The continuous magnetic layer having a non-uniform thickness, in which a film thickness of a thinnest portion is equal to or smaller than 1 nm and a film thickness of a thickest portion is larger than the film thickness of the thinnest portion by 20% or more, can have a substantially similar effect.

The ferromagnetic material particles having an average size of equal to or larger than 0.3 nm and equal to or smaller than 3 nm, or island-like growth ferromagnetic material having an average height of equal to or larger than 0.3 nm and equal to or smaller than 3 nm, have an effect of reduction of coercive force substantially similar to that calculated.

Each of the ferromagnetic material particles 101 and 103 has a superparamagnetic component in its magnetization hysteresis curve. The superparamagnetic component means the layer has a residual magnetization near to zero and the layer's magnetization does not saturate unless a strong magnetic field is applied. Each of the ferromagnetic material particles 101 and 103 itself has a larger rate Mr/Ms of residual magnetization Mr to the saturated magnetization Ms than zero, but smaller than 1, poor squareness of the hysteresis and large switching magnetic field. Even though the ferromagnetic material particles show superparamagnetic properties, the magnetic film can have a Mr/Ms of 1, whereby the switching magnetic field of the magnetic film decreases.

Magnetic materials for the ferromagnetic material particles and particles are same as the above-described materials for the ferromagnetic material layers 3 and 7. Nonmagnetic material for the nonmagnetic material layer 102 can be selected from a group consisting of Ru, Ir, Cu, Au, Ag and their equivalents.

FIGS. 13A, 13B, 13C, 14A and 14B are cross-sectional views for describing a method of fabricating a double junction TMR device according to a fifth embodiment of the present invention. A lower electrode 304 of W, a buffer layer 305 of Ta, a lower magnetization pinned layer 306 of Co5Fe5 and a dielectric layer 307 of Al2O3 as a lower tunnel barrier layer of FIG. 13A, are successively deposited above a semiconductor substrate (not illustrated) using a high vacuum sputtering method.

An appropriate surface roughness can be produced to the multi-layered film of FIG. 13A, since the layers from the lowermost layer 304 of W of W to the uppermost layer 307 of Al2O3 are successively deposited on previous metal layers.

As a magnetization free film, a tri-layered magnetic laminated film of FIG. 13B is formed on the dielectric layer 307 of Al2O3. A Ni3Co3Fe4 layer 301 having a thickness of 1.2 nm (it is calculated from film forming speed and film forming time), a nonmagnetic layer of Ru layer 302 having a thickness of 1.4 nm (it is calculated from film forming time and speed), and a Ni3Co3Fe4 layer 303 having a thickness of 1.2 nm (it is calculated from film forming time and speed) are formed successively.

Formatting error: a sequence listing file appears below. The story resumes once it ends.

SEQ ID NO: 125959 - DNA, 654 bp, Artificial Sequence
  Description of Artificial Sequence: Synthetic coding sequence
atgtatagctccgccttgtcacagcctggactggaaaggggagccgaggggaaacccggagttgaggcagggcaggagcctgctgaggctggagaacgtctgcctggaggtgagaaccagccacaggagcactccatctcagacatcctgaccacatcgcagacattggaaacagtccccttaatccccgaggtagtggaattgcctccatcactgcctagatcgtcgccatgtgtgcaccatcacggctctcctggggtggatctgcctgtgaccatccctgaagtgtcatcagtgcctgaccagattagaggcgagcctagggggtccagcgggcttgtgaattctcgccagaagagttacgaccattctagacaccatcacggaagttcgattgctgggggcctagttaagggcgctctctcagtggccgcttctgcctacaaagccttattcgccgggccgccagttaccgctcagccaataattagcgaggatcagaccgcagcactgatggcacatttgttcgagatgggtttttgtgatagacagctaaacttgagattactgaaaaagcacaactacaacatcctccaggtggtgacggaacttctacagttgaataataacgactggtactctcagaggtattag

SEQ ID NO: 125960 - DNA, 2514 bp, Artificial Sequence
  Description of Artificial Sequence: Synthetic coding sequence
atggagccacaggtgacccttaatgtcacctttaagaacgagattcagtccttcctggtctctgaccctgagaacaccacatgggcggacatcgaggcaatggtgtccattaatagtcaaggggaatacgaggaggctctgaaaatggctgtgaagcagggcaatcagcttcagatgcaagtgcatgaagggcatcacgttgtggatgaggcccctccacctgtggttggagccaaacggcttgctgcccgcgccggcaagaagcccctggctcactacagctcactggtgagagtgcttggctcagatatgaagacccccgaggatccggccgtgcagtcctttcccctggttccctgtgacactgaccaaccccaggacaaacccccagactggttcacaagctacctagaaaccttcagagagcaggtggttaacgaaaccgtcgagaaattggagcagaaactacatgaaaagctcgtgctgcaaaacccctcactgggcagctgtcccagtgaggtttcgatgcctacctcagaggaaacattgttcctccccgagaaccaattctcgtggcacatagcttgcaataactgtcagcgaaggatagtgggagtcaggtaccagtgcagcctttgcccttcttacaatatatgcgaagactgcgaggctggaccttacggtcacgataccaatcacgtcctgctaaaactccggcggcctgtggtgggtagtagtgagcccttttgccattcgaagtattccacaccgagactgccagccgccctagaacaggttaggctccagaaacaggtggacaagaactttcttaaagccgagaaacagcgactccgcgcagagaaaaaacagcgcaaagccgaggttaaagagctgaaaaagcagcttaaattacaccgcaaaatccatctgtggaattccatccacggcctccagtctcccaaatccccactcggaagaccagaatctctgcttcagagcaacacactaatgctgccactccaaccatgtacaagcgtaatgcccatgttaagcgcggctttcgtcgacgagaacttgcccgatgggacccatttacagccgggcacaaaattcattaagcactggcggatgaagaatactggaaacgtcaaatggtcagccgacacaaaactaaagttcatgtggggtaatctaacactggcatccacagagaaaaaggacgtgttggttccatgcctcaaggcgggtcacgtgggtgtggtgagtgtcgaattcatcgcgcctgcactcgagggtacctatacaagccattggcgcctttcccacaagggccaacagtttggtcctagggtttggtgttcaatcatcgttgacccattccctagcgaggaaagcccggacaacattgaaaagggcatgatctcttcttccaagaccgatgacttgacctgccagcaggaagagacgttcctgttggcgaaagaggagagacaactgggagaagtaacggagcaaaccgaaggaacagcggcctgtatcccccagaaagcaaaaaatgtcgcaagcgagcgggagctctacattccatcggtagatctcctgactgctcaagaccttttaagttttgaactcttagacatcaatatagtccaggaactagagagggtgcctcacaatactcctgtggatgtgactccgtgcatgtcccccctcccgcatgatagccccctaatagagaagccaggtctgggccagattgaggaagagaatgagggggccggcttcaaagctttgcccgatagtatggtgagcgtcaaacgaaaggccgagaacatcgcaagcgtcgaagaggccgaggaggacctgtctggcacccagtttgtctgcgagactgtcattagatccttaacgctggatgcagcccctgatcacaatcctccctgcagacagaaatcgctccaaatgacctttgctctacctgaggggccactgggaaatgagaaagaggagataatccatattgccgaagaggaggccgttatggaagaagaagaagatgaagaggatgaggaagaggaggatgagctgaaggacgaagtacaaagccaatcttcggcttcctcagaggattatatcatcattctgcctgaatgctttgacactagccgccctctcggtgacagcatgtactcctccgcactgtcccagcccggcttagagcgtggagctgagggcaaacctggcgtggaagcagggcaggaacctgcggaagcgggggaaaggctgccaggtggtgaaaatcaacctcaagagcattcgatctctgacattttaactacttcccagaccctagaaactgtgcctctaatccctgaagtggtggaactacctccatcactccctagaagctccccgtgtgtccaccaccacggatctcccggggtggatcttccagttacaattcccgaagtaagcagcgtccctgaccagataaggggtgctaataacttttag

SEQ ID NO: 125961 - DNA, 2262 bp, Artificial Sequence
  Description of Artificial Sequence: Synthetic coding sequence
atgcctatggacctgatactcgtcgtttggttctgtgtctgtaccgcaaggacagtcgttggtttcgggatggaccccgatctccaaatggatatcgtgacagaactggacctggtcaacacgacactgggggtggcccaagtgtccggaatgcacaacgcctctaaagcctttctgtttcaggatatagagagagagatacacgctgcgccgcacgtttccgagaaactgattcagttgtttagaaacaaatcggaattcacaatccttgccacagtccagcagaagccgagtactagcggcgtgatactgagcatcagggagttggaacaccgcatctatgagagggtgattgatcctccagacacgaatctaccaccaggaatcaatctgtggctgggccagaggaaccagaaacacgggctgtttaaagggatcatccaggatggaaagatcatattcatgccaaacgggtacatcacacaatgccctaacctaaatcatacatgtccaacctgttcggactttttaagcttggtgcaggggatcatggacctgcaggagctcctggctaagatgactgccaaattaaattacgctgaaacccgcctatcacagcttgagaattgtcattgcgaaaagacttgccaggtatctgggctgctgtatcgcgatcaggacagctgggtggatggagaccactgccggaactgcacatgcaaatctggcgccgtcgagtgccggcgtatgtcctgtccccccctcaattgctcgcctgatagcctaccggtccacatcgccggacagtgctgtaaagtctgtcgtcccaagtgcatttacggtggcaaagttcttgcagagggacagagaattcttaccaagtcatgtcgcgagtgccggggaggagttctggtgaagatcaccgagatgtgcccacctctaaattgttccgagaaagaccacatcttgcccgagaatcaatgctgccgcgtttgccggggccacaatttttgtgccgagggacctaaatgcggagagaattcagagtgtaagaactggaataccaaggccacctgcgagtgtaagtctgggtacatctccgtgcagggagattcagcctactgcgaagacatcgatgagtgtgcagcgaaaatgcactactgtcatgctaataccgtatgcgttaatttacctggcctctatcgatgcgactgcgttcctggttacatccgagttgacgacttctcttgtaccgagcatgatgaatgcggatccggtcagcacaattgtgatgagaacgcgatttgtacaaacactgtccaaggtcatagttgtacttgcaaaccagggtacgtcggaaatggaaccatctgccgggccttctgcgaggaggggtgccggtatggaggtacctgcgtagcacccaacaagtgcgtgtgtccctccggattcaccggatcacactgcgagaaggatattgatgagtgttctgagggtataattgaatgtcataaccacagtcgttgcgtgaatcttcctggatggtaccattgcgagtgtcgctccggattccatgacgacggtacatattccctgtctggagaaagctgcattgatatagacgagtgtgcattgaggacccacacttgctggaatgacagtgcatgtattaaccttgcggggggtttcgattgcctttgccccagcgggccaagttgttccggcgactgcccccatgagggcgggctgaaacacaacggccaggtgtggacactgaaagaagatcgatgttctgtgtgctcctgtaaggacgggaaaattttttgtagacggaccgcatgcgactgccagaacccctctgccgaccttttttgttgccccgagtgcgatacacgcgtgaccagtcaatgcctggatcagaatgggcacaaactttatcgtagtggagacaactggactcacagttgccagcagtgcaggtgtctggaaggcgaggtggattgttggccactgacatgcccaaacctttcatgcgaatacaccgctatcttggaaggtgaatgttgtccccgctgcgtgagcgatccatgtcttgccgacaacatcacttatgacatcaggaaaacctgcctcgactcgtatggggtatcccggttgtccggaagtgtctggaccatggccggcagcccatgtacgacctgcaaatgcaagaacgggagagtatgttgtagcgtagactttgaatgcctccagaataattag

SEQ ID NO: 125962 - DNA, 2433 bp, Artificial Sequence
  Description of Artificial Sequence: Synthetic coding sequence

The Ni3Co3Fe4 layer 301 is deposited on the dielectric layer 307 of Al2O3. When a metal layer is deposited on a dielectric layer, a coupling force of each metal atom in respect to the dielectric layer is weak and therefore, the metal layer grows initially as islands and, with progress of deposition, the islands are melted together, thereby to increase the film thickness.

The film thickness of Ni3Co3Fe4 layer 301 of FIG. 13B on the dielectric layer 307 of Al2O3 becomes non-uniform. Uniformity (non-uniformity) of Ni3Co3Fe4 layer 301 can be controlled by varying substrate temperature or gas pressure of a sputtering apparatus such that a film thickness at the thinnest portion of Ni3Co3Fe4 layer 301 is equal to or smaller than 1 nm and a film thickness of the thickest portion is larger than the film thickness of the thinnest portion by 20% or more.

The nonmagnetic layer 302 of Ru and Ni3Co3Fe4 layer 303 are successively deposited on the Ni3Co3Fe4 layer 301 and therefore, the flatness of film surface recovers. When a surface of Ni3Co3Fe4 layer 303 does not show flatness which is appropriate for a successive step, a known planarization step may be employed.

A dielectric layer 308 of Al2O3 which forms an upper tunnel barrier layer, an upper magnetization pinned layer 309 of Co5Fe5 and an upper protection layer 310 of W of FIG. 13C are successively formed on the Ni3Co3Fe4 layer 303.

A mask pattern of a photoresist (not illustrated) for prescribing a shape of the TMR device of FIG. 14A is formed on the laminated film and ion milling is applied by using the photoresist as a mask and the lower electrode 304 of W of FIG. 14A is also patterned through ion milling using another photoresist pattern. The TMR device has a rectangular shape of 200 nmΧ600 nm.

An interlayer insulating film 311 of SiO2 of FIG. 14B is formed on the device by using a reactive sputtering method and a contact hole is formed on top of the device. An upper electrode 312 is filled in the contact hole and coupled with the upper protection layer 310 of W.